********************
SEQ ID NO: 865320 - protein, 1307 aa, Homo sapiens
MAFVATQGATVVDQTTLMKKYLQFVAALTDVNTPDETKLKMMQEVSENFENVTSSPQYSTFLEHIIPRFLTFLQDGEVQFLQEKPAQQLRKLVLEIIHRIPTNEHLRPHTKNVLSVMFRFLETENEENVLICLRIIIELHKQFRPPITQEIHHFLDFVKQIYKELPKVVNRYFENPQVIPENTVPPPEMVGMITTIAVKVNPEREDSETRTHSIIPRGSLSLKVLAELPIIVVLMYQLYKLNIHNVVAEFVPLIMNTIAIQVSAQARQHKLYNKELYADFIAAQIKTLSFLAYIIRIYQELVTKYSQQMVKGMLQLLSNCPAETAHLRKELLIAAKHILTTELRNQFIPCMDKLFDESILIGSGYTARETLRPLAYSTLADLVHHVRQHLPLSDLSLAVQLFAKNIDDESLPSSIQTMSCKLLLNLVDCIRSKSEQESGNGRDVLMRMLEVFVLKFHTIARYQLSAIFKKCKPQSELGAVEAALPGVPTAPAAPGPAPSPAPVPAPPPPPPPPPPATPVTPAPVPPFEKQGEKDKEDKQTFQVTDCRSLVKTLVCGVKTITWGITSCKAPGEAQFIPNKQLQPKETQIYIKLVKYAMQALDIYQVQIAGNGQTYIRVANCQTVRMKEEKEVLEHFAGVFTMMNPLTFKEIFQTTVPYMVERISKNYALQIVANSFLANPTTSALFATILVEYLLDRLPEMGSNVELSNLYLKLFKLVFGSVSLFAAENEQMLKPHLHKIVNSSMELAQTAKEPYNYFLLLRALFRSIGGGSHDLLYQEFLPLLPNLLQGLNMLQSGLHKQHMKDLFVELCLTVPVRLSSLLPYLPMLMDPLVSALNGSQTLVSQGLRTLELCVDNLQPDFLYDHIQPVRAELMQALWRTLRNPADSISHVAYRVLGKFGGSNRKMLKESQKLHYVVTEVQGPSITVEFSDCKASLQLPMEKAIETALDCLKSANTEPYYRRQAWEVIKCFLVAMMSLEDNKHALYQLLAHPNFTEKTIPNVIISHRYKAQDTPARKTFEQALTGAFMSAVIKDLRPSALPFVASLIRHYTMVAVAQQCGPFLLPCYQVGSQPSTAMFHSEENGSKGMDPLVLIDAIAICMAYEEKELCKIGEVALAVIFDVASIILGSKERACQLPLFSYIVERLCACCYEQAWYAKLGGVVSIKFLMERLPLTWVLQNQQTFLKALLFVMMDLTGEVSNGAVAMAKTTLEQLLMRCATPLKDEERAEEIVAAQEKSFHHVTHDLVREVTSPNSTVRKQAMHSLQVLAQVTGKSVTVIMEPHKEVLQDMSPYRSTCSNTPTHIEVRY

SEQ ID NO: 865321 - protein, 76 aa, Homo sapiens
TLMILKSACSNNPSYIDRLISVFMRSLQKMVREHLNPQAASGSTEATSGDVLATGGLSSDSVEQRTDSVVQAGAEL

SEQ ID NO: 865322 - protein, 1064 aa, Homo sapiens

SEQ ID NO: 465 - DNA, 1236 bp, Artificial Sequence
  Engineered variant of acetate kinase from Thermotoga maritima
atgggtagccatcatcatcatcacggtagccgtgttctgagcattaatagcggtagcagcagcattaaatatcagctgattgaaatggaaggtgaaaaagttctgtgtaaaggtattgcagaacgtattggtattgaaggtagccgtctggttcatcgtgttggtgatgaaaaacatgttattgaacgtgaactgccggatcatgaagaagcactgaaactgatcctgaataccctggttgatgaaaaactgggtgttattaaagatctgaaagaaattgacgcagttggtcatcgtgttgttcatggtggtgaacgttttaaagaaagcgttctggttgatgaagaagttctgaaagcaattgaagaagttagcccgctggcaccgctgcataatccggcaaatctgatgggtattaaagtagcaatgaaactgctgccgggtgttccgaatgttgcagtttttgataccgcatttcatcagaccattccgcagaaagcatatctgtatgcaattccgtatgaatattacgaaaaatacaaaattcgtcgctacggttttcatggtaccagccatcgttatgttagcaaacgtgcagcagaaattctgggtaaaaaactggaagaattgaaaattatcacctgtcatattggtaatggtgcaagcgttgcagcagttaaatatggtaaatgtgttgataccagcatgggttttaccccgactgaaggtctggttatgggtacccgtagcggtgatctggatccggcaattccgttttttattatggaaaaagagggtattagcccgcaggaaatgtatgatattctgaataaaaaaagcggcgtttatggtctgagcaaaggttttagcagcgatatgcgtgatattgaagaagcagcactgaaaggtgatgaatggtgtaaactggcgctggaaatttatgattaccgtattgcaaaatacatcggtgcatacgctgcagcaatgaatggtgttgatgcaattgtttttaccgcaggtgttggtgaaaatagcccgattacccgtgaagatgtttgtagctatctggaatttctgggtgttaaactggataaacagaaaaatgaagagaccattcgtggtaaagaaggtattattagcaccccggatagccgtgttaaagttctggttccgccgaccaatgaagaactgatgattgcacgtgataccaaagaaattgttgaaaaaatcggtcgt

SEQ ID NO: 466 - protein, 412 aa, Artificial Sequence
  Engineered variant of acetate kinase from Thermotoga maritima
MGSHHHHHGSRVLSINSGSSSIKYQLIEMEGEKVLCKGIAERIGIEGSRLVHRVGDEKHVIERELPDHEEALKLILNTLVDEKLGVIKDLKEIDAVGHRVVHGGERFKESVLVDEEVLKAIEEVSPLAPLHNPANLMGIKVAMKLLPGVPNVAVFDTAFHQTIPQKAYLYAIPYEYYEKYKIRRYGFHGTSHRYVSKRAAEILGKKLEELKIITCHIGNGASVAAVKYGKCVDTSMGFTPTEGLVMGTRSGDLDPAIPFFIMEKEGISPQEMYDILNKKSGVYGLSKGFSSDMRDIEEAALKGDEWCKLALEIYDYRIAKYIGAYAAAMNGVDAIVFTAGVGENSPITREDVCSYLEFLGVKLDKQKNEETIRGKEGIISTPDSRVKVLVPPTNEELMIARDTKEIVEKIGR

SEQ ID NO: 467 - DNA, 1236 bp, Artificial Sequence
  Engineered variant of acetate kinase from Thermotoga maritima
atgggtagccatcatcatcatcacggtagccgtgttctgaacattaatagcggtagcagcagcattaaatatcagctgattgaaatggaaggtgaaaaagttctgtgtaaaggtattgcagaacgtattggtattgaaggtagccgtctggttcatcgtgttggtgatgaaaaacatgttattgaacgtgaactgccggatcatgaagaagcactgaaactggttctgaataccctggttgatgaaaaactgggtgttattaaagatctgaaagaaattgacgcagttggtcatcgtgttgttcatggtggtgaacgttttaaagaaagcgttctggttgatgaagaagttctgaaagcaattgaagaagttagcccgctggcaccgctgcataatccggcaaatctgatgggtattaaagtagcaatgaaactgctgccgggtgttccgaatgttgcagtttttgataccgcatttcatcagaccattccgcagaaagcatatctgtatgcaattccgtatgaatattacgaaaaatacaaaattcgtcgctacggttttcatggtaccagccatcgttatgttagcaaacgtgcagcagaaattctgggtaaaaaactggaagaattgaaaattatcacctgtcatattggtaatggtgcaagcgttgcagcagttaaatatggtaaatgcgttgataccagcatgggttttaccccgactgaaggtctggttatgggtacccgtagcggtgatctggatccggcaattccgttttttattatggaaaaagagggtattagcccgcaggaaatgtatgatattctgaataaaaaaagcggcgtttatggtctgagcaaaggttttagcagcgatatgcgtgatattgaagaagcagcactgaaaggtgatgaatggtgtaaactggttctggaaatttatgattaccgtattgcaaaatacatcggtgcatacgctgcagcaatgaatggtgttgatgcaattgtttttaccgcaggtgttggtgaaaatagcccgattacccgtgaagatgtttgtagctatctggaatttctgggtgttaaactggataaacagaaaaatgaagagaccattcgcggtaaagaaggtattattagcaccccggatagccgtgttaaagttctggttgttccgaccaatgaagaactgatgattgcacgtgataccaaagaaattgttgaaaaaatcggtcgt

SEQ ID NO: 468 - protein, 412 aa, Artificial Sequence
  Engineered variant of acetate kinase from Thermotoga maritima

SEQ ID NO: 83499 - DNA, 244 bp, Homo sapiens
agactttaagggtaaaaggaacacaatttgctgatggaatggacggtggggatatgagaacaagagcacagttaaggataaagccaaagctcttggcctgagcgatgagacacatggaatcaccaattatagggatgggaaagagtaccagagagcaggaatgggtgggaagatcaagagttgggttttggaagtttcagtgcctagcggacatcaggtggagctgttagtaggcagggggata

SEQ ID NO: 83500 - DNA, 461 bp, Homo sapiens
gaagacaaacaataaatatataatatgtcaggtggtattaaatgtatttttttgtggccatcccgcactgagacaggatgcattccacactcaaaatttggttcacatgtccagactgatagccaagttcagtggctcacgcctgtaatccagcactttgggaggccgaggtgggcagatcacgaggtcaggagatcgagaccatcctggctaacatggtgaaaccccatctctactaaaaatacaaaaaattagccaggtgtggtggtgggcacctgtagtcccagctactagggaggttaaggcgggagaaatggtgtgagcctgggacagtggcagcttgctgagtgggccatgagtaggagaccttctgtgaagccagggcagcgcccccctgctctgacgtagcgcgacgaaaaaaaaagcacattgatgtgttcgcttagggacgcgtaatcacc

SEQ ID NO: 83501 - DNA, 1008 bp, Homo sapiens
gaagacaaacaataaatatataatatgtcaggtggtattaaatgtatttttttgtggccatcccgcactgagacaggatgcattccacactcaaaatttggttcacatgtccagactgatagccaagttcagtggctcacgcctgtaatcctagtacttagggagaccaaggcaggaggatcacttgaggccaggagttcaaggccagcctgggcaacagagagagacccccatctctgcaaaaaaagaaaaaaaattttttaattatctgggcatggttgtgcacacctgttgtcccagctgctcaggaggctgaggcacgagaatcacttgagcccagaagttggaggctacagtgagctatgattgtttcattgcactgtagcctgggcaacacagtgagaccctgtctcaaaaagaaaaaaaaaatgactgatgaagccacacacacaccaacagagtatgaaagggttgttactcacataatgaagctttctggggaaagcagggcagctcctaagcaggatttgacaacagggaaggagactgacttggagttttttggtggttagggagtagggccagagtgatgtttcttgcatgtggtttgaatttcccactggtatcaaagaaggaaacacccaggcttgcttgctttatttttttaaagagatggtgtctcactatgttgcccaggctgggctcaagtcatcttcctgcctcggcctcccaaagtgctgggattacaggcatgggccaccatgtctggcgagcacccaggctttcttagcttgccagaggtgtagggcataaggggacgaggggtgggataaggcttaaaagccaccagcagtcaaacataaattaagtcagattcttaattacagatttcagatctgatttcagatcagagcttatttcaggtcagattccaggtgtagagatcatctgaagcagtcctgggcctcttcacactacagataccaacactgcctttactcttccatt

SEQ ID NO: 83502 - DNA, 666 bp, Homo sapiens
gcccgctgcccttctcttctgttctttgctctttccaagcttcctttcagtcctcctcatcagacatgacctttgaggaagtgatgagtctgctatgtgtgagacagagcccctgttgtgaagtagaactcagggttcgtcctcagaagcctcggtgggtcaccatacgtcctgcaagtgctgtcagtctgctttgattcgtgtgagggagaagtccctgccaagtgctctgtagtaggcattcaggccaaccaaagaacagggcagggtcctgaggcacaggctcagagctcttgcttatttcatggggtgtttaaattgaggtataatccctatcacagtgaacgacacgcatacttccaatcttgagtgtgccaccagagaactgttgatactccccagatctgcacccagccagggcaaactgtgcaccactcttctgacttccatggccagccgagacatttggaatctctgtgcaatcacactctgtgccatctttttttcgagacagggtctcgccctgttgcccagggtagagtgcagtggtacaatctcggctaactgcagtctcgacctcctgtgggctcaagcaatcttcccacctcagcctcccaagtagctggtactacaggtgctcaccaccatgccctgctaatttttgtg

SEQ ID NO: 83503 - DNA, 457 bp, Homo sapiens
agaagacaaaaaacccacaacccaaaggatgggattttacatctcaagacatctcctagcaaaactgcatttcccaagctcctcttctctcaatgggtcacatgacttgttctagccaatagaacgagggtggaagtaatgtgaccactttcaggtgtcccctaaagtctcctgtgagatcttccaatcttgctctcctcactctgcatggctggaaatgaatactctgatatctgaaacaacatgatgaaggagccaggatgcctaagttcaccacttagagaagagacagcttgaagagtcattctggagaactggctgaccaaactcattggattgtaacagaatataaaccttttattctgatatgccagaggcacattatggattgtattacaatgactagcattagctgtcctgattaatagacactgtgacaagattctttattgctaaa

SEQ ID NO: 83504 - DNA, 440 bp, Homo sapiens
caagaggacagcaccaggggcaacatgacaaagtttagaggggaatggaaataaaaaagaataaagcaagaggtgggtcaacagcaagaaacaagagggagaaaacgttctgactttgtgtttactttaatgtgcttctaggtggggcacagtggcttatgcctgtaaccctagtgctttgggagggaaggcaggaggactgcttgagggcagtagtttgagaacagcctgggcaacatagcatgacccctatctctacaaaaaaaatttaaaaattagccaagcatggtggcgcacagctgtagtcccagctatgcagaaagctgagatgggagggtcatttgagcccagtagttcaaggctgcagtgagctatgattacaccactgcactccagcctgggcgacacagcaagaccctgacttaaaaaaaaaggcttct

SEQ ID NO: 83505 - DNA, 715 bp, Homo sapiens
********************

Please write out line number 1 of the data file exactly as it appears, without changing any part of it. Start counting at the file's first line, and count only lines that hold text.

SEQ ID NO: 865320 - protein, 1307 aa, Homo sapiens